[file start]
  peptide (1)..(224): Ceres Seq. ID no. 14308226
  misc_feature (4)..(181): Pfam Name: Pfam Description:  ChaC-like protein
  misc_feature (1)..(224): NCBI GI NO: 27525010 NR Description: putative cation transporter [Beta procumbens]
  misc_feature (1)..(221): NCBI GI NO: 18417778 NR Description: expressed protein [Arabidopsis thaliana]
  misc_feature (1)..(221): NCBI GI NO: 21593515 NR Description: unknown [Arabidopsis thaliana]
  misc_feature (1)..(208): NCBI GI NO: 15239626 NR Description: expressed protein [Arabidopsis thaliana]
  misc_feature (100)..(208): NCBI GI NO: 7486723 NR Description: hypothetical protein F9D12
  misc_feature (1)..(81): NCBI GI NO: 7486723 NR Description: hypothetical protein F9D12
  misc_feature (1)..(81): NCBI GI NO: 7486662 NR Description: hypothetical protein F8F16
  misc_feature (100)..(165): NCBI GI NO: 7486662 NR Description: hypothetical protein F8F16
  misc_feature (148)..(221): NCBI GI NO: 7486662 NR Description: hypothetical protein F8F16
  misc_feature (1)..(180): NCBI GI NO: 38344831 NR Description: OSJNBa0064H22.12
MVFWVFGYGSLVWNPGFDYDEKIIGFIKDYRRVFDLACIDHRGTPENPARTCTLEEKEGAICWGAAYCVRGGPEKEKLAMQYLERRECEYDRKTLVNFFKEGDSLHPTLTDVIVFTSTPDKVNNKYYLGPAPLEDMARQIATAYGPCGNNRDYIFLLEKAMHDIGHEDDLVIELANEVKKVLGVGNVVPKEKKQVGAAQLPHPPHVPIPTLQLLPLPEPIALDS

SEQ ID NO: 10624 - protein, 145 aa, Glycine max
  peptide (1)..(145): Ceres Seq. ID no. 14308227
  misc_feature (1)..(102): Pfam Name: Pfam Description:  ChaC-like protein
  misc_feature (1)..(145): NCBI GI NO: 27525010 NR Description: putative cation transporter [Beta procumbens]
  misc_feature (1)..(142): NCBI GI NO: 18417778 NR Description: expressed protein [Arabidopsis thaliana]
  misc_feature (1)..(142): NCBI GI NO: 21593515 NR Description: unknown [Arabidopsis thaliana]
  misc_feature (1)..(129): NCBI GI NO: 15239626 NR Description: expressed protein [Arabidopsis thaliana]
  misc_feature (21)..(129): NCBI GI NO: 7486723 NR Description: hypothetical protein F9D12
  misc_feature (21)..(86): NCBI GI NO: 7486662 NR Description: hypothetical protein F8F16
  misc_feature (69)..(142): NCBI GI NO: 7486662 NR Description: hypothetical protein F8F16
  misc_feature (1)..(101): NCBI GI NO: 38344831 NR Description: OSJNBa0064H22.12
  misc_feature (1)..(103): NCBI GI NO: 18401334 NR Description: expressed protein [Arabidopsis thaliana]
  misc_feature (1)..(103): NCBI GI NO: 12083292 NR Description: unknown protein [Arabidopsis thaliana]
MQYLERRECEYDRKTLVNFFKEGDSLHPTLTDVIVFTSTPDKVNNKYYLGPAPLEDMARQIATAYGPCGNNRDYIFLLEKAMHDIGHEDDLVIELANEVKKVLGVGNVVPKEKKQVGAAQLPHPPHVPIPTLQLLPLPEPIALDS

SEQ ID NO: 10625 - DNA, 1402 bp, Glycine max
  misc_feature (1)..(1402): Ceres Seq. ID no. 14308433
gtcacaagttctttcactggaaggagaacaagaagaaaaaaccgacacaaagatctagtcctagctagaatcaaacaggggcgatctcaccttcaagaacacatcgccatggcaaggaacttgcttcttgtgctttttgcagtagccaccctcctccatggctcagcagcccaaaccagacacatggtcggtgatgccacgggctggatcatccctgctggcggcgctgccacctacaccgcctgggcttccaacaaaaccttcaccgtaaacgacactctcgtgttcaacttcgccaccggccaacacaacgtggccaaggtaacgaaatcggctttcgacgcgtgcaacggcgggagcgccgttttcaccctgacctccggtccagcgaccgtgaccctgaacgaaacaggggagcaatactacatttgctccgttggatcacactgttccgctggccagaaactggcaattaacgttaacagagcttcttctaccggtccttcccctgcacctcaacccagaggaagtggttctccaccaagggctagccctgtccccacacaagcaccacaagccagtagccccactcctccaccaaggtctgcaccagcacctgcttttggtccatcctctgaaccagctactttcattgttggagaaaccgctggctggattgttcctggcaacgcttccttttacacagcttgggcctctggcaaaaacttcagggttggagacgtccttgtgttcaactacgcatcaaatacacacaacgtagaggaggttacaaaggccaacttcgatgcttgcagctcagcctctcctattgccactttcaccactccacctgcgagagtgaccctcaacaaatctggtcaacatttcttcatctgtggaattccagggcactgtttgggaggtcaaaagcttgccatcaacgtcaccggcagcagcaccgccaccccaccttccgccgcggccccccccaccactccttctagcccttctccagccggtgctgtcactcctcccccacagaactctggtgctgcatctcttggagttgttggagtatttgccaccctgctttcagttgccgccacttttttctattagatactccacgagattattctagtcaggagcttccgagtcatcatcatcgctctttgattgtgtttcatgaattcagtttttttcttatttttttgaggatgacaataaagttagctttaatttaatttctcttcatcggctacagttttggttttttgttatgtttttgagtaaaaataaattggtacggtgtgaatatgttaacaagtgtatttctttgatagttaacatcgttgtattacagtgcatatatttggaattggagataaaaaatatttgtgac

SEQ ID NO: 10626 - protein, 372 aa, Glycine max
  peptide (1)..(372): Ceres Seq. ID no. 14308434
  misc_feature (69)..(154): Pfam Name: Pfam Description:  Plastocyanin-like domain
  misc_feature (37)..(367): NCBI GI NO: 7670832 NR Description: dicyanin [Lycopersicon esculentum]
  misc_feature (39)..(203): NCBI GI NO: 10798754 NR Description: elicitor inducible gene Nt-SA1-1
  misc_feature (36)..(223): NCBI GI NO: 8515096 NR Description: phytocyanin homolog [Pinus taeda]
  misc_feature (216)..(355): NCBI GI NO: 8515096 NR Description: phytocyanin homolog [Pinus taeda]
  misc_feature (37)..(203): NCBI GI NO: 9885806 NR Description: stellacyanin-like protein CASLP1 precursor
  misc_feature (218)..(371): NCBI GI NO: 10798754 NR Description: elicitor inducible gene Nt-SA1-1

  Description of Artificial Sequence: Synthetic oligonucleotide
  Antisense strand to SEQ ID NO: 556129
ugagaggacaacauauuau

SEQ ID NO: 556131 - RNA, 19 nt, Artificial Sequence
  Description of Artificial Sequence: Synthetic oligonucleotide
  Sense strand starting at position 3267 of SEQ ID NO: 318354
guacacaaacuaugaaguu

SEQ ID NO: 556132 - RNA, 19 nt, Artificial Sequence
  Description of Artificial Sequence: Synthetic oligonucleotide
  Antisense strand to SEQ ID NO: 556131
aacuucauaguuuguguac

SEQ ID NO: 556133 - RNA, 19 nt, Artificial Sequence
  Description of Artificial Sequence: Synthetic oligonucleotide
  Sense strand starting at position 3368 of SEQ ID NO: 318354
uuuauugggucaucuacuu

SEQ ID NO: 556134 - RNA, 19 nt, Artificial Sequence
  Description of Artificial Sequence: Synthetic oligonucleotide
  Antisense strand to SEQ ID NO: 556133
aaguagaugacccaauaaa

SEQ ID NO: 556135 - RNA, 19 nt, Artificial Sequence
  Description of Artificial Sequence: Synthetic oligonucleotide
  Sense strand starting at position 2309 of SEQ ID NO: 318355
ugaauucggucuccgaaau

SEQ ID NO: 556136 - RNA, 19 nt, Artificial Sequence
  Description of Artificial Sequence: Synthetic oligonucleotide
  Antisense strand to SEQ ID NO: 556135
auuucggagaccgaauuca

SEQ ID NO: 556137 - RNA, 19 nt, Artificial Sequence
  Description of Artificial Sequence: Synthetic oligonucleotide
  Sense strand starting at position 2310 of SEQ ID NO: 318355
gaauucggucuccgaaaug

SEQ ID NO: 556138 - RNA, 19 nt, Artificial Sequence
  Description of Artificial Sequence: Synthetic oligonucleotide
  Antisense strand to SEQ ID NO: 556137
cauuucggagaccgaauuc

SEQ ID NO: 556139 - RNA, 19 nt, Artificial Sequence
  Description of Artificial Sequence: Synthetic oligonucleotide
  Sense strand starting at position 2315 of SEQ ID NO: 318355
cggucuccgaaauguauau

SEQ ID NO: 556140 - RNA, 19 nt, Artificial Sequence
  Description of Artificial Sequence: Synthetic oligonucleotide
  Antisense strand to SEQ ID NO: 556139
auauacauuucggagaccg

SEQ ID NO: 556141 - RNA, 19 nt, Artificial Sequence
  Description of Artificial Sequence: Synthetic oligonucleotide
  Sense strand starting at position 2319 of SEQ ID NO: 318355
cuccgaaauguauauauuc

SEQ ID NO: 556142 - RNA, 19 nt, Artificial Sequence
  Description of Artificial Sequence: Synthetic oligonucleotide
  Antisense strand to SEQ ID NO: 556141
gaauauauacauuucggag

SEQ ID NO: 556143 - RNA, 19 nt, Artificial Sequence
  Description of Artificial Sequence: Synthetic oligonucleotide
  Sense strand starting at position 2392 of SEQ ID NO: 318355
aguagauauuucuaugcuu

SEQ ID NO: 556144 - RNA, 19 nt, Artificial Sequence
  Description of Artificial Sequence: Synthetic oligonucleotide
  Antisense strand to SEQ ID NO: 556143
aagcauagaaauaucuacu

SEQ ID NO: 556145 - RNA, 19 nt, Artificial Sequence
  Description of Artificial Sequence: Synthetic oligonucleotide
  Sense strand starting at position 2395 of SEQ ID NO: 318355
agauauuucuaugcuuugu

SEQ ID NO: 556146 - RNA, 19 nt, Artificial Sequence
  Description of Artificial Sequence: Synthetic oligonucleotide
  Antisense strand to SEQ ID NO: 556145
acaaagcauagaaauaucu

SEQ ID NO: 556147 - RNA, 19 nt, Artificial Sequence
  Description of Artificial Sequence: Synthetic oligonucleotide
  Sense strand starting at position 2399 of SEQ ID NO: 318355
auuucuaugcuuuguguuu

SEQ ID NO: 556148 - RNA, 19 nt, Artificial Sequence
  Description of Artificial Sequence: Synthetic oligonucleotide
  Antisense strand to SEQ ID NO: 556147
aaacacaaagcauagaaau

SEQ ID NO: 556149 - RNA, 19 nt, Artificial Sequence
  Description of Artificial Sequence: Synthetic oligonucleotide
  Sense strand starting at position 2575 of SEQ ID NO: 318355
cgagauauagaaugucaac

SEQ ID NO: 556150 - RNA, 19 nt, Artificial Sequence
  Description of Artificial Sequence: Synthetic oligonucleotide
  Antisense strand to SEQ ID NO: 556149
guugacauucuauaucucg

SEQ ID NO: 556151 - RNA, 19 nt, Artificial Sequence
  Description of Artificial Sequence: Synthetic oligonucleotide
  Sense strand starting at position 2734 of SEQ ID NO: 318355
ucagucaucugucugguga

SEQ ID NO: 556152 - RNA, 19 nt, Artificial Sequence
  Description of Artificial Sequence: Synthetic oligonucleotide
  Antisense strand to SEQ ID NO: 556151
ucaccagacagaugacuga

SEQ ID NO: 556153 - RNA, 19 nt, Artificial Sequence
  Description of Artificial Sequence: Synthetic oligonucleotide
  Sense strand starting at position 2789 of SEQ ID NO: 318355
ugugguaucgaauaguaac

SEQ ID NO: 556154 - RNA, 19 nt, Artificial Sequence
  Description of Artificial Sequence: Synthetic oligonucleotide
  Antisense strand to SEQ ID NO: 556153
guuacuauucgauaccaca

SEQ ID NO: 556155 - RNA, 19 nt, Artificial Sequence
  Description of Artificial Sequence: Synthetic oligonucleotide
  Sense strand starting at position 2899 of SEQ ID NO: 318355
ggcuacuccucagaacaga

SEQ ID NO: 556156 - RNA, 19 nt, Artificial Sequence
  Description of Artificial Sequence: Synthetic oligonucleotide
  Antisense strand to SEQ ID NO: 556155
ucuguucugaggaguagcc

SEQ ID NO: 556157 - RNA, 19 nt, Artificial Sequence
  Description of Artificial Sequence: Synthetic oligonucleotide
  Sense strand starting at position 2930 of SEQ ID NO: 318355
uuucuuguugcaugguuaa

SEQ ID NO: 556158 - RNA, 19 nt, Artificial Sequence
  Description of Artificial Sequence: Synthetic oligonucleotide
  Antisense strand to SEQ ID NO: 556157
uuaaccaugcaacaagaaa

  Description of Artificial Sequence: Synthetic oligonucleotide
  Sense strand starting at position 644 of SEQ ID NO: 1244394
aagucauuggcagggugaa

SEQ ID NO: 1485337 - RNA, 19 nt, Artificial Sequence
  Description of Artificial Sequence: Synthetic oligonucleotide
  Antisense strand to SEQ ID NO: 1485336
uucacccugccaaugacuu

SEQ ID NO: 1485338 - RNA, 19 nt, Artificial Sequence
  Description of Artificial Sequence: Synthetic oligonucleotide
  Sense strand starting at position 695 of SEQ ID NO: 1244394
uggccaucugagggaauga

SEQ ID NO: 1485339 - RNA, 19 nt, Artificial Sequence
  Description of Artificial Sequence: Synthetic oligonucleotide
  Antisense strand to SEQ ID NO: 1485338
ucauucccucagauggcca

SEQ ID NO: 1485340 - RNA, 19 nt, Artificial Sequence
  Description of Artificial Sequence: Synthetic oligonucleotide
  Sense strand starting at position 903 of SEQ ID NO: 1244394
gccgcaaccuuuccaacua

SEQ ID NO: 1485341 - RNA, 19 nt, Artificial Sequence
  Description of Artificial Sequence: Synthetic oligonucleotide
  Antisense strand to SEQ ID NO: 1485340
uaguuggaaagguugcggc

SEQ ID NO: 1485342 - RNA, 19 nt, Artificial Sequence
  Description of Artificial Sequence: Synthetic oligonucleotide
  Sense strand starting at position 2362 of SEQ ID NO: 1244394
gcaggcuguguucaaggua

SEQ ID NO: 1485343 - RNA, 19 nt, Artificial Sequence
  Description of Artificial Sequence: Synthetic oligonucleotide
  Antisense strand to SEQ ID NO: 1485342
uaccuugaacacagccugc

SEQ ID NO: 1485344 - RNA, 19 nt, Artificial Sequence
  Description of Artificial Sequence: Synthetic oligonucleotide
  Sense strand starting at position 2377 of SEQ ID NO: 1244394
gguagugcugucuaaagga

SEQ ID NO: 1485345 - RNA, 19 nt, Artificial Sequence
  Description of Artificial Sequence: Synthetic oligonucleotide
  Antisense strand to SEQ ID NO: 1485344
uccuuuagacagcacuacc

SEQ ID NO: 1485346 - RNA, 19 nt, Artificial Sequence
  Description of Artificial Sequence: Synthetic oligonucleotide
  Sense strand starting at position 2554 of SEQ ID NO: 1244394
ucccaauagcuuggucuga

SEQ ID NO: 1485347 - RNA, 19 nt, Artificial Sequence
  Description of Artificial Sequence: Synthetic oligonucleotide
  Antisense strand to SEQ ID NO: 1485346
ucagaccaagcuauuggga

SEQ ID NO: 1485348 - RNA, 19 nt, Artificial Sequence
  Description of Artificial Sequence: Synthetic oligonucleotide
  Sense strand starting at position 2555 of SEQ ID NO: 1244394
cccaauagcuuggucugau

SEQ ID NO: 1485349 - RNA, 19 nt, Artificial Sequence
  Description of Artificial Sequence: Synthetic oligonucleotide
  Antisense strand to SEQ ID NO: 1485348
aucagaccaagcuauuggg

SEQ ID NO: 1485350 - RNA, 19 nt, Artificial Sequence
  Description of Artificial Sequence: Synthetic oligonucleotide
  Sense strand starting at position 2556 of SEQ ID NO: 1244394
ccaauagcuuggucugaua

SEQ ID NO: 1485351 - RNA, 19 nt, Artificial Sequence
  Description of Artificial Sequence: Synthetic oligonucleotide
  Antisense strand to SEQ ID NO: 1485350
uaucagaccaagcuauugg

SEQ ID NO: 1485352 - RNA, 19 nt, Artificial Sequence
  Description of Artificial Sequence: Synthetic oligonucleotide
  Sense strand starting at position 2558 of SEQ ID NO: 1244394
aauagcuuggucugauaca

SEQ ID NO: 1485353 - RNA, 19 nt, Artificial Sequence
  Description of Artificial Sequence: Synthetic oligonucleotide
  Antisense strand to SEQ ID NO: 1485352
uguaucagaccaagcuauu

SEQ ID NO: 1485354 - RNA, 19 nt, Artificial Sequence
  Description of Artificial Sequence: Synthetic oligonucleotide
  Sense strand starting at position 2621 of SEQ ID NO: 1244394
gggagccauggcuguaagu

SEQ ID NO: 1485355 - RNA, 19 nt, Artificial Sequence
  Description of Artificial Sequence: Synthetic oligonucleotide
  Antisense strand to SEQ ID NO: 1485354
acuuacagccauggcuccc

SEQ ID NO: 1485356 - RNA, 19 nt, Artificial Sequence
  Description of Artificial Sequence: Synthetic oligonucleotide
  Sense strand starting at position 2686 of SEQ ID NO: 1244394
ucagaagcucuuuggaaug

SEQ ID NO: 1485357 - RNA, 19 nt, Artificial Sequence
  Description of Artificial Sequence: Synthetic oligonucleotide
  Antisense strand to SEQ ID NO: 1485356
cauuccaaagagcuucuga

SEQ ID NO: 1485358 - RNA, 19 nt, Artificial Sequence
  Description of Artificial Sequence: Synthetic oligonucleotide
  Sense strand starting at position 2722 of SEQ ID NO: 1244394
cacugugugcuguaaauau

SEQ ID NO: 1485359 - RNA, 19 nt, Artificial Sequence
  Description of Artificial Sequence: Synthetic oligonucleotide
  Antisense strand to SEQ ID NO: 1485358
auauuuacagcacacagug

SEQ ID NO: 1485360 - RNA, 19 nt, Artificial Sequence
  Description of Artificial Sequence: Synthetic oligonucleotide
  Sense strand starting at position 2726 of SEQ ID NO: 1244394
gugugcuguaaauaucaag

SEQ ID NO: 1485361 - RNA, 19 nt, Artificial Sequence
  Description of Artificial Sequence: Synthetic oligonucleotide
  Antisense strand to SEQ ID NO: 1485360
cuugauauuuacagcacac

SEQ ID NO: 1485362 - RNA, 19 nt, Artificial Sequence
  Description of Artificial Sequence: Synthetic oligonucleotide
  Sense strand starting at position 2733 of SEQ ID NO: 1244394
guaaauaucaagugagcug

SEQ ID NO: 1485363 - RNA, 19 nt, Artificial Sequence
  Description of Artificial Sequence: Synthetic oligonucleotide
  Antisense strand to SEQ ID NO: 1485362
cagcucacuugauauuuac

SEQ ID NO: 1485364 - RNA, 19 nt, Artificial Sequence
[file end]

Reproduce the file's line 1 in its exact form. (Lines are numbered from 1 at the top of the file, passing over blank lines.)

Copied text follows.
  peptide (1)..(224): Ceres Seq. ID no. 14308226